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kennerz

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  1. From what I have seen it's the overall length that matters not just the longer electrode that protrudes into the chamber. With that P/N I provided I have had zero issues. they are just as long as the factory plug. This is on a 6.2 L86. So what I'm saying is the electrode length will not look identical to the factory plug but the thread body is a little longer that makes up the difference. When you see them they look right and you can't distinguish a difference in length vs the OEM. The OAL is what gets it into the right position/depth in the combustion chamber. The shorter ones are noticeably shorter, and many places have them listed as the correct plug in error. If it makes you feel better find a matching OEM delco, nothing wrong with those either. I prefer NGK then Denso/Delco in that order. all are good.
  2. NGK P/N is ILTR5E11 for the LT1 version of the trusty TR5 This is the iridium version. May sound elementary, but you need to order the same full part number to get the correct plug. There are too many variants where you won't get the right one if you say just order a TR5.
  3. Here is the link to the info with the correct P/N for the proper reach plug for a L86. NGK is a superior plug in most applications. You can get these in Platinum or iridium. Is the correct heat range too.
  4. Build up like that effects low lift. Probably happens gradually enough that you would not notice the 1 or 2 mpg and 10 to 20 hp. Looks like enough to impact performance to me. I would get it walnut blasted at this point. When I pull mine after running a can with about the same mileage we can compare.
  5. NGK makes a correct reach plug for the trucks. I had the same issue with some denso's I bought from either Jeggs or Summit. The reach was 1mm or 2mm shorter. I don't have the part number handy but I made a thread about it this year. Essentially there are more than one site that has the wrong cross reference. Agreed denso's are great plugs I usually run them or NGK with great results. Platinum vs. iridium does not make any real performance difference in my experience - just longer life. The trucks do run a slightly hotter plug than the cars. Yeah don't run that plug you have in the photos. I will run fine, but you will loose power and mileage. Cost me about 1.5 mpg, and lost acceleration. Thought they weren't that different then when NGK came out with a application for the 6.2 L86 I bought them , and when they came I noticed the longer "correct" reach and the truck ran noticeably better when installed and the denso's they replaced only had about 10k mi on them and looked new.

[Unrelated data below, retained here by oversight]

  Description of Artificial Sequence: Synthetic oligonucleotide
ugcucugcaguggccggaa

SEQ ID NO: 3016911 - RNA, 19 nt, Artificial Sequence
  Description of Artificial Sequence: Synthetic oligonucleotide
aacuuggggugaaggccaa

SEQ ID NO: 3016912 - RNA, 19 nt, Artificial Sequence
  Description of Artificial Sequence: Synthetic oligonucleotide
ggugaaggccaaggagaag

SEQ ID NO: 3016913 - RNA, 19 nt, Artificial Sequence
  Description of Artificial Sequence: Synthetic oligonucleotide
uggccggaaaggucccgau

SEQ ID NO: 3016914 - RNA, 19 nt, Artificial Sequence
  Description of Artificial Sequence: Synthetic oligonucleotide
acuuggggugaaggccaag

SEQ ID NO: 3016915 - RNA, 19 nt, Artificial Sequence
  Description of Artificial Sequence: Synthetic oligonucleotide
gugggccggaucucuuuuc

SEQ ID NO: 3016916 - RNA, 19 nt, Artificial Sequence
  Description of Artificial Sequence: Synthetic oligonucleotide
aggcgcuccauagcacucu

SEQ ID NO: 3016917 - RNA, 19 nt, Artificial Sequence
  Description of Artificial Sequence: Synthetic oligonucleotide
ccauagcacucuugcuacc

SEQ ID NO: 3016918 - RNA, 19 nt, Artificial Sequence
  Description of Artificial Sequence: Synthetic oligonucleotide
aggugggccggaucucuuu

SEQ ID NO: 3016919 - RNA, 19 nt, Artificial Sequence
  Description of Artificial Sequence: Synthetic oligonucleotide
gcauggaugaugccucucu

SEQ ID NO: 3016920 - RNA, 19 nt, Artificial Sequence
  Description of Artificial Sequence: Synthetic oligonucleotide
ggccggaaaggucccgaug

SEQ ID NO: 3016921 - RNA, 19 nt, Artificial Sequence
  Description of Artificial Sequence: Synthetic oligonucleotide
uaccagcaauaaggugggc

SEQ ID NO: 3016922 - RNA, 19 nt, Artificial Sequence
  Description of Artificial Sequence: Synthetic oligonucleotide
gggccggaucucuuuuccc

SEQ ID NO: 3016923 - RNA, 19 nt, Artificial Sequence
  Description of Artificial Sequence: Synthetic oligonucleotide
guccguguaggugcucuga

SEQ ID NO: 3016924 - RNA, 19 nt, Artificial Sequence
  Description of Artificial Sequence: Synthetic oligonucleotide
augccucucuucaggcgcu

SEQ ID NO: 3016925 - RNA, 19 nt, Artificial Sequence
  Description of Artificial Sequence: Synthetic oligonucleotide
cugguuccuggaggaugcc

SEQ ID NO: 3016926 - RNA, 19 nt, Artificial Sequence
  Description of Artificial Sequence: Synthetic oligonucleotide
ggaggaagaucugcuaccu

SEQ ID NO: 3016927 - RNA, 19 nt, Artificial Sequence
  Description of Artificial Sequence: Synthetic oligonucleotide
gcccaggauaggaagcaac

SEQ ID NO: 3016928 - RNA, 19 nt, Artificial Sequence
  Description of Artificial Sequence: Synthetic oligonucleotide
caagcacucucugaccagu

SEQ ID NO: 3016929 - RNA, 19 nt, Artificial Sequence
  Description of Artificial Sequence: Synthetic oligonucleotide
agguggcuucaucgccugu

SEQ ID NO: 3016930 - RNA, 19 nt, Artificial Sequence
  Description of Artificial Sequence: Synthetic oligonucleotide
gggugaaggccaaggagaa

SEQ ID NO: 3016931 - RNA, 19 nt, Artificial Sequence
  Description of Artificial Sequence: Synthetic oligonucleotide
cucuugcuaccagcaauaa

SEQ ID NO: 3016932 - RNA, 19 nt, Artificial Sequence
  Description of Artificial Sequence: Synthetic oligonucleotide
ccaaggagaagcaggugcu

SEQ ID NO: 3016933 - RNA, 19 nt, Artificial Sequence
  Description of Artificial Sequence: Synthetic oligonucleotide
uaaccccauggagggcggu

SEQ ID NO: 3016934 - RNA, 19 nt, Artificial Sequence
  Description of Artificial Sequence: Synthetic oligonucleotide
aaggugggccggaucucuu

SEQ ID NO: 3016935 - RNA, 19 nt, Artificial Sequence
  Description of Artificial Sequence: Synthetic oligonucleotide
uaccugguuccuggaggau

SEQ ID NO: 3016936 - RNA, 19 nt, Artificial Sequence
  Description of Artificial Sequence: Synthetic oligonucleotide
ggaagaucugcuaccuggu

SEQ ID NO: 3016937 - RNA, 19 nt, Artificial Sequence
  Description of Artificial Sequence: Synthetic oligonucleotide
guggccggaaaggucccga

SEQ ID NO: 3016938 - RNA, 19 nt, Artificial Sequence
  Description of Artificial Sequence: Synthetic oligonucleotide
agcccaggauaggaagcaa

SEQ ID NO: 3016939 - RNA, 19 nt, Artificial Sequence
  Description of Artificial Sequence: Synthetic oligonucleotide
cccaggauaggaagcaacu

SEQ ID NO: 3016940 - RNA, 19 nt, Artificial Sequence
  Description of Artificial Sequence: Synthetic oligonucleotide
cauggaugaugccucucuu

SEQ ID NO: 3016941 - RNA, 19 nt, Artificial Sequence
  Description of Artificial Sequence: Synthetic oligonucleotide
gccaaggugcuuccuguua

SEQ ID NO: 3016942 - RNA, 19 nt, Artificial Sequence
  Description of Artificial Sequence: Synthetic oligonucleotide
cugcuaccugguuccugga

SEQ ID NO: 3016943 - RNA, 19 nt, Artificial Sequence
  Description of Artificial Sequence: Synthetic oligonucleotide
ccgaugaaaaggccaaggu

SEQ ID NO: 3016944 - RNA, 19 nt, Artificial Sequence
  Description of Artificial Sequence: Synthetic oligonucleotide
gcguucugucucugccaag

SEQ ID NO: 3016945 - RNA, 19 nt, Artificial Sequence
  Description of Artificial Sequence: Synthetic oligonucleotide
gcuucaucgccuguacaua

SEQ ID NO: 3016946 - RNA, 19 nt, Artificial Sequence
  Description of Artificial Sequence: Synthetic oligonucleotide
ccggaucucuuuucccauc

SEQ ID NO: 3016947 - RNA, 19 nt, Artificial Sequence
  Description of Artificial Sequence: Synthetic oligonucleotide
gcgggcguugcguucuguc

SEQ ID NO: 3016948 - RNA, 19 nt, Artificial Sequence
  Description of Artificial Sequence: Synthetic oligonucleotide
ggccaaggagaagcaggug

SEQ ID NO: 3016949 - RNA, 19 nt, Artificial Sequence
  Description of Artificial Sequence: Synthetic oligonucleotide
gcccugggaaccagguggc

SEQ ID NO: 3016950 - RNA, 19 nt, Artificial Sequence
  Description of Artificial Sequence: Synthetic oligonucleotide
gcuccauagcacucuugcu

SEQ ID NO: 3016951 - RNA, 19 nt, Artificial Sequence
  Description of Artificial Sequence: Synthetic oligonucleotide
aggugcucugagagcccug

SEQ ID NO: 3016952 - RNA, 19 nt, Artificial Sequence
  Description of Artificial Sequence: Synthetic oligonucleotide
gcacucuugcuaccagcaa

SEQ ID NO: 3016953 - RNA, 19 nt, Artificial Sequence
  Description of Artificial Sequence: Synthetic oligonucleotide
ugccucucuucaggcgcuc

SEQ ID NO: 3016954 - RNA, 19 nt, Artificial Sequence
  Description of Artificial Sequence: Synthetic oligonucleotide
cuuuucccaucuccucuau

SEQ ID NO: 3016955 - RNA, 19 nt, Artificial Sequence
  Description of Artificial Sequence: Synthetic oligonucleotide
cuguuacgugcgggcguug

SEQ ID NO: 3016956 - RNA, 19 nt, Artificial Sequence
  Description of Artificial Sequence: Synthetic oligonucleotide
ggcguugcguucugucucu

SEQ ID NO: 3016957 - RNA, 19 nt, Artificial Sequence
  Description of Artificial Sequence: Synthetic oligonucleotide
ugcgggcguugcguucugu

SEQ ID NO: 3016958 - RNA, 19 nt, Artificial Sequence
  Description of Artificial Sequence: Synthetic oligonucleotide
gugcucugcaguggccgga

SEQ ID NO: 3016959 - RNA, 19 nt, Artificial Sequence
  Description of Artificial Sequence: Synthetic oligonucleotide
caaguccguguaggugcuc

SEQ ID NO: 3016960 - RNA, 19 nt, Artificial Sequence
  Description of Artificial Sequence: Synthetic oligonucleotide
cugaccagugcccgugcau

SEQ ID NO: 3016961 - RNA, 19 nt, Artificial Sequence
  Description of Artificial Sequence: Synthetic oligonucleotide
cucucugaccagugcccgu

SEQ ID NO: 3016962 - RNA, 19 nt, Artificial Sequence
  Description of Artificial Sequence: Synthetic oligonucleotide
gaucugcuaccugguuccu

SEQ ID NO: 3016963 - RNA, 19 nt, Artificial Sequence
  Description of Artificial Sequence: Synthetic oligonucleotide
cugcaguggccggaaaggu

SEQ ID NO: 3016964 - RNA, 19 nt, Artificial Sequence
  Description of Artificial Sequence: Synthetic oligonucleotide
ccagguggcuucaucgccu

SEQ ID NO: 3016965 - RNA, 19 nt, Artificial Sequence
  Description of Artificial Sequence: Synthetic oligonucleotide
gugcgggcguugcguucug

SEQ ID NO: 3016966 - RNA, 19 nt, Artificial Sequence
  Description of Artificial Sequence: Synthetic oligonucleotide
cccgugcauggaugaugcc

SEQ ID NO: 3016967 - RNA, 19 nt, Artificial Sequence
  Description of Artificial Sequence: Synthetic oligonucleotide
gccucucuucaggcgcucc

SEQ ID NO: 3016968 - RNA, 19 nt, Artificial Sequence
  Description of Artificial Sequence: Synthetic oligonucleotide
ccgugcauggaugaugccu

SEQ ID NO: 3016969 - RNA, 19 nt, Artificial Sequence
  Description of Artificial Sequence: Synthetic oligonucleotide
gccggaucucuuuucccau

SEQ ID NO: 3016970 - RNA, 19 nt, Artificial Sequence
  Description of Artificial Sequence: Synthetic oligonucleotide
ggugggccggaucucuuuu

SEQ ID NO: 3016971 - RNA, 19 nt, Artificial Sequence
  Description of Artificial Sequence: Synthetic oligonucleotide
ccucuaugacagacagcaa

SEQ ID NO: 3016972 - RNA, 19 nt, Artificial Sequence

6. If you are not comfortable tuning I would do the HPT and find a competent tuner. Did the I3 and diablew. He made standard changes and made it better. He provides a solid service for basic changes. That said I would find a "guru" and get the thing all the way tuned up meaning FUELING, TIMING, TRANS TQ MANAGEMENT, Cam phasing AND ALL THE SECRETS . The new GM stuff is super complicated with all the tables and relationships not LS simple. 1slow is correct if you are the patient type and want to learn it, there isn't any real limitations. Just for a lot of us who can learn and have ability sometimes time is the constraint.
  7. 2" is small for a 5500 lb vehicle. 2.5" with large shafts to me is adequate, but you could easily do 3" and not be over dampened. Depend on a lot of other factors of course. I really wish they did not take so long to release, would have saved me some money. Instead went all out on good 2.5's. Do make a big difference but not cheap. Glad you all like what you got, Bilstein is hard to beat for value.